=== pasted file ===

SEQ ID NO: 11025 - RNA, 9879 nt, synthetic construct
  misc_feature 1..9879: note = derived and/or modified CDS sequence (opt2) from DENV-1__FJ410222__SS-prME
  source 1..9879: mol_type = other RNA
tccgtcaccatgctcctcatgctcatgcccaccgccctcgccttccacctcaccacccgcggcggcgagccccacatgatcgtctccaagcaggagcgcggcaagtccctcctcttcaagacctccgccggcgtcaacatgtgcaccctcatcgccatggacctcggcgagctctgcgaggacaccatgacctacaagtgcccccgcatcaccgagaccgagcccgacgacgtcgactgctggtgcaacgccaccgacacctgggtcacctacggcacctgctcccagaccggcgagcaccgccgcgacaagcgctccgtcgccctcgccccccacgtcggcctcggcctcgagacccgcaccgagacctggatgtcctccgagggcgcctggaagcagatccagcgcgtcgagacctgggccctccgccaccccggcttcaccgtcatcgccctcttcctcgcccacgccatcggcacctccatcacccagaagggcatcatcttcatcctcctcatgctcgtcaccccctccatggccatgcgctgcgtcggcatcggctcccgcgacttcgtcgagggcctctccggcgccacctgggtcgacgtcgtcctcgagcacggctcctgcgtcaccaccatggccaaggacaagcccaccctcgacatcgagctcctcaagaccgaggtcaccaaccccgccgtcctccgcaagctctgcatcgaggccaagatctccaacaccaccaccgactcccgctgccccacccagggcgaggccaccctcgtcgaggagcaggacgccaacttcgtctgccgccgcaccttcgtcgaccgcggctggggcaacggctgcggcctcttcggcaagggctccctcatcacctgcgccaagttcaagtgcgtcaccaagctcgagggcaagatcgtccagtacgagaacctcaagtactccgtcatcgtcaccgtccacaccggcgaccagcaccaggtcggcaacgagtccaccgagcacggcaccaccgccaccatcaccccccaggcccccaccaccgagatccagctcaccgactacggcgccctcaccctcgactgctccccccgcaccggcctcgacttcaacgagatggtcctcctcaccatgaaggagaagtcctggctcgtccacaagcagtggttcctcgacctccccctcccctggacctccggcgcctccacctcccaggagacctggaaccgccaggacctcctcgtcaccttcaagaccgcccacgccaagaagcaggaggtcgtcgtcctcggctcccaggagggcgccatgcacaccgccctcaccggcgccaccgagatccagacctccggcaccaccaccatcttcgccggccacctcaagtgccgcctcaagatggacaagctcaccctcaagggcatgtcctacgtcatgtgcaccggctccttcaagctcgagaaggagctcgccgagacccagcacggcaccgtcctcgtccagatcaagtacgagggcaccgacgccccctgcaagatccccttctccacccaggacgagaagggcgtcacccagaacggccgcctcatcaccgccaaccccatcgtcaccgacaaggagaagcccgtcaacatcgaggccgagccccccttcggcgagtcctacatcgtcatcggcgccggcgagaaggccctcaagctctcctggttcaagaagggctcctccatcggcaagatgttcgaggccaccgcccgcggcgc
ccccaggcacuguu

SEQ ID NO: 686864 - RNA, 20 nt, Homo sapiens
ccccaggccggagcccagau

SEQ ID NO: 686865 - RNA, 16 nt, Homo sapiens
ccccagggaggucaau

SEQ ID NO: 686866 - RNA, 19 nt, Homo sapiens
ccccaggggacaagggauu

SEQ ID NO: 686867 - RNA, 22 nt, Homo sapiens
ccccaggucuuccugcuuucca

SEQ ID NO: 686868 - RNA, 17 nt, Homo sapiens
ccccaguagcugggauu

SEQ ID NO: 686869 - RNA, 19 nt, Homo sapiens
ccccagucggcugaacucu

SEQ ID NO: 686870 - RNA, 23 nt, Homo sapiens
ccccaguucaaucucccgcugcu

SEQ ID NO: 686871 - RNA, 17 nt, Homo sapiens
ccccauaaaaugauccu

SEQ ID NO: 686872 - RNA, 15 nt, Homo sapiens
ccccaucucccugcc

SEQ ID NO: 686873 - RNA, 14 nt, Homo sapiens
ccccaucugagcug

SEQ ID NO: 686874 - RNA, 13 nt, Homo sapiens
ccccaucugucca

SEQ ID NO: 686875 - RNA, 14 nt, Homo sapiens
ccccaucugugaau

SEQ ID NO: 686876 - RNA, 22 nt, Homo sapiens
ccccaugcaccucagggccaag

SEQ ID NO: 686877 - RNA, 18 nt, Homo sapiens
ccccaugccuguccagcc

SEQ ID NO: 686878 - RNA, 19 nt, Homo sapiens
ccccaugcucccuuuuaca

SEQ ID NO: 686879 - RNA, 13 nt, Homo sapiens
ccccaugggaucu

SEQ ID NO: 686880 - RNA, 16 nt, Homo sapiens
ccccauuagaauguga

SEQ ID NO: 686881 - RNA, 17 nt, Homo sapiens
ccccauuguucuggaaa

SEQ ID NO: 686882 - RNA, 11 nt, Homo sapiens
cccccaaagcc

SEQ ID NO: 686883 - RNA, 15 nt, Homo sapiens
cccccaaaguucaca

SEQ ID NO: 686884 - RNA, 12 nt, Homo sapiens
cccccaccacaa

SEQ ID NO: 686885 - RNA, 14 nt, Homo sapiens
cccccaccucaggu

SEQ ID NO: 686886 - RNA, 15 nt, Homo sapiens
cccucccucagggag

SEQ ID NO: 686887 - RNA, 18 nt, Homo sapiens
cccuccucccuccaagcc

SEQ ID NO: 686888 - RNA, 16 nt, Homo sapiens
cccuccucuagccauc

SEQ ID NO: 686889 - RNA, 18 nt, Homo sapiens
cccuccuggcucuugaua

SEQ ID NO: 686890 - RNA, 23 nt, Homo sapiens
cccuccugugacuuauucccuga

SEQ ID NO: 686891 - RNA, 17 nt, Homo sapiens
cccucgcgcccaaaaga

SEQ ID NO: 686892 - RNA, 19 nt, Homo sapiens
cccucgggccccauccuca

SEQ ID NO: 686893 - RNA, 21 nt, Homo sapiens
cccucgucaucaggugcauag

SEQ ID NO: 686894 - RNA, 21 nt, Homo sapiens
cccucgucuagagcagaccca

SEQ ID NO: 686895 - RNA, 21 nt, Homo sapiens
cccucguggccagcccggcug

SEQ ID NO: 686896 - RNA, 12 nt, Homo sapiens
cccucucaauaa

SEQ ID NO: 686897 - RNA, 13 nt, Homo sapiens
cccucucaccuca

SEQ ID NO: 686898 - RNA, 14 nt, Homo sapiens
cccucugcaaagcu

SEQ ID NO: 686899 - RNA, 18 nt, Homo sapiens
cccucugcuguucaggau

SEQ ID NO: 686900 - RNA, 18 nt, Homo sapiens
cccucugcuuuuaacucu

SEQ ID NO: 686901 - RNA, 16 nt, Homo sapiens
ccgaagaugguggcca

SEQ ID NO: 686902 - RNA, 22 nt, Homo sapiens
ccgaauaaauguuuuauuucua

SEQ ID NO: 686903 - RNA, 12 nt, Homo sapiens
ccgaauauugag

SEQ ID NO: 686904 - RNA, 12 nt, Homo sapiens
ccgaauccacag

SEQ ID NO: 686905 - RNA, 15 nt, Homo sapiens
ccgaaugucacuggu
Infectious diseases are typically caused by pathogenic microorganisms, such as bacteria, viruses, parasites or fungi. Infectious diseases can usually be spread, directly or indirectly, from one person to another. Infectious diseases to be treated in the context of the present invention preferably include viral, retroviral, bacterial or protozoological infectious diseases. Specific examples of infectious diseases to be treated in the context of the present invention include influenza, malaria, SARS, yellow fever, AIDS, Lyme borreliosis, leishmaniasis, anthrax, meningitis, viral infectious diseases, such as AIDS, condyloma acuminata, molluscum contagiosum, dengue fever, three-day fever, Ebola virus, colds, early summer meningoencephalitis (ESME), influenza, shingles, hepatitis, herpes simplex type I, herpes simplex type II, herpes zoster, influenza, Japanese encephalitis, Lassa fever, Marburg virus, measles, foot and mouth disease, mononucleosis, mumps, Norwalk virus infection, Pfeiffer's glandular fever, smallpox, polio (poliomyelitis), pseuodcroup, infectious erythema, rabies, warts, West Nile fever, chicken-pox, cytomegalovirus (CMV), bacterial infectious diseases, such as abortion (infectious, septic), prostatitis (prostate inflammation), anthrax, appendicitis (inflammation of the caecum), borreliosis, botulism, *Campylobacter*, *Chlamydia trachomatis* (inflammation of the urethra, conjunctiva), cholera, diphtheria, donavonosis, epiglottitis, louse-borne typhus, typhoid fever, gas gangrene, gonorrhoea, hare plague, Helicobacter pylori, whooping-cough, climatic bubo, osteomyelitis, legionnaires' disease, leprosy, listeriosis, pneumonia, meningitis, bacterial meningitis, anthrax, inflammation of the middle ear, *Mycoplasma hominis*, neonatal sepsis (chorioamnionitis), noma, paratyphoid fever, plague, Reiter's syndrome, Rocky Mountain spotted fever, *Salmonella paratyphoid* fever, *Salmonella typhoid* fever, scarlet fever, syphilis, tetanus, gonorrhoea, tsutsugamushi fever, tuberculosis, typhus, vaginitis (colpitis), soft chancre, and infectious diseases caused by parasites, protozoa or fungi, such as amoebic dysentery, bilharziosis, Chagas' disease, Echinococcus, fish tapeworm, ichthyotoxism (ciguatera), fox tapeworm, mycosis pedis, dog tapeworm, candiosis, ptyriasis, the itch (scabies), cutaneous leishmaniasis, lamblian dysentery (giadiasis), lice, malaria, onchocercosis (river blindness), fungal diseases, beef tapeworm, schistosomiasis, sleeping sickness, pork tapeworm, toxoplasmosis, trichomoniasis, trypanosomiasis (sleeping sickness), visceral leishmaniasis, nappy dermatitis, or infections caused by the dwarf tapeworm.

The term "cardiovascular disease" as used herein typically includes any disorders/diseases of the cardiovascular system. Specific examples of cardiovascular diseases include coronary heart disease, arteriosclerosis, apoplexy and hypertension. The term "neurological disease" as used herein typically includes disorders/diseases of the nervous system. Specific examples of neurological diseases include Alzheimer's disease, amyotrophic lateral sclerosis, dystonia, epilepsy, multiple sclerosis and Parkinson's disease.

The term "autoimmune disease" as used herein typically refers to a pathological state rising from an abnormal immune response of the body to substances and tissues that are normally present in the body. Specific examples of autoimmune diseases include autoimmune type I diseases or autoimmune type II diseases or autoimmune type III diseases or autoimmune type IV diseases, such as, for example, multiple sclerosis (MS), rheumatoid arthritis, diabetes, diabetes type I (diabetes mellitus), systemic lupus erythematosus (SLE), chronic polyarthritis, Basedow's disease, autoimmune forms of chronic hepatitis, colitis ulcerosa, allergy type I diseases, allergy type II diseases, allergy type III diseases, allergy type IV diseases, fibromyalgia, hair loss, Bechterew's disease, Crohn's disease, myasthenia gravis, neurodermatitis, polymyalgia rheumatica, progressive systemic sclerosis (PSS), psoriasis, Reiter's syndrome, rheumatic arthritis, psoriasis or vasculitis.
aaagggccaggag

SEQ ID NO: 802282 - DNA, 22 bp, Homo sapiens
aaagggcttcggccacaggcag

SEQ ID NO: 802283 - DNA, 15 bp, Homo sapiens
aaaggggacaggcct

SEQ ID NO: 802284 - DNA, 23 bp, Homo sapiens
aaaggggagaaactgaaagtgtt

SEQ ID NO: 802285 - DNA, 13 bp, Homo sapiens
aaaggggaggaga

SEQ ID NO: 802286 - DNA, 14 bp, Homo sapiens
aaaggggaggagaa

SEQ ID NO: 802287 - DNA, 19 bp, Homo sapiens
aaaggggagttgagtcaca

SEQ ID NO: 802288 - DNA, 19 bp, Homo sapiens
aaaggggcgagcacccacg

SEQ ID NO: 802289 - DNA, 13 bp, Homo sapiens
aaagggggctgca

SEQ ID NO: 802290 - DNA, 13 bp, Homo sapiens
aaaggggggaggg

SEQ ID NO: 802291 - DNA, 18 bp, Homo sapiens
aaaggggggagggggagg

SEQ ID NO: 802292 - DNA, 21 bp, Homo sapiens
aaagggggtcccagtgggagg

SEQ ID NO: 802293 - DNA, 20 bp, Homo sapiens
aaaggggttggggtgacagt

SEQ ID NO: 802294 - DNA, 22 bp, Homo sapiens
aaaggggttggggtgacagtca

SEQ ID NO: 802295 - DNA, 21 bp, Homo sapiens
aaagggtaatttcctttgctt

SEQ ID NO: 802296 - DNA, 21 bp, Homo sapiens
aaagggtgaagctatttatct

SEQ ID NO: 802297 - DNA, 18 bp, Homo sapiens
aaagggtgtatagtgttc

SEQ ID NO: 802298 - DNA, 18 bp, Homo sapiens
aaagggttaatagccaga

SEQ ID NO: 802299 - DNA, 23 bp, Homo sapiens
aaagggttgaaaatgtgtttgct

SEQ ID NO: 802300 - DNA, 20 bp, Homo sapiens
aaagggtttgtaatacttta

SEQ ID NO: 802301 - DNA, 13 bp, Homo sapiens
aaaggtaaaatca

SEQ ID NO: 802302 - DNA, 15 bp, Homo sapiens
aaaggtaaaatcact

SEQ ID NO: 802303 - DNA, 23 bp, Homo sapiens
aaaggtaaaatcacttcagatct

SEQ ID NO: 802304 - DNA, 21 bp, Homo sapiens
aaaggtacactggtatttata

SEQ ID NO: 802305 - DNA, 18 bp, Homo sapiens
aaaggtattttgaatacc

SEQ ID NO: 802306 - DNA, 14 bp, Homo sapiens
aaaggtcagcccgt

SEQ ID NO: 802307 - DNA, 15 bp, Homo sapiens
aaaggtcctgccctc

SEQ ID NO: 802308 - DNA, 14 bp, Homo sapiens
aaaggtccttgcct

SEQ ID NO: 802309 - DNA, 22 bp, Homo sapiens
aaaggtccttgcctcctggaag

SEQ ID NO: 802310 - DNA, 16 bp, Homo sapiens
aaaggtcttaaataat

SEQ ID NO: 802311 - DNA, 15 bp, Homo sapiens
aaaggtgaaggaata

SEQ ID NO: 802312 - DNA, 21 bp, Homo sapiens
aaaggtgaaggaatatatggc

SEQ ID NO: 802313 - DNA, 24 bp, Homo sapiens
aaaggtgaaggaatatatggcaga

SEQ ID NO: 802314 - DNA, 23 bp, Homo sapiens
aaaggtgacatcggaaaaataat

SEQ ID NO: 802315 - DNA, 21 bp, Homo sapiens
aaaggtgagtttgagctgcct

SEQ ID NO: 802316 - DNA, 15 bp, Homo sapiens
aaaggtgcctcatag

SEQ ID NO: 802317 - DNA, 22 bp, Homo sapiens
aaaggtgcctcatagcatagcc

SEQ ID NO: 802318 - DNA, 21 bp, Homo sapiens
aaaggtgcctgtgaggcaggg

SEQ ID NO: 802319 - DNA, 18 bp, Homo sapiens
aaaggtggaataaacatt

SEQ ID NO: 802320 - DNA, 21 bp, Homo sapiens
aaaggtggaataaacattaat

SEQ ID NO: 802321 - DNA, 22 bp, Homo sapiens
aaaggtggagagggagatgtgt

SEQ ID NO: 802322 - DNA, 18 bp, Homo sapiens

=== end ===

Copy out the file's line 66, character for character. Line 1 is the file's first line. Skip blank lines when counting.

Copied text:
SEQ ID NO: 686894 - RNA, 21 nt, Homo sapiens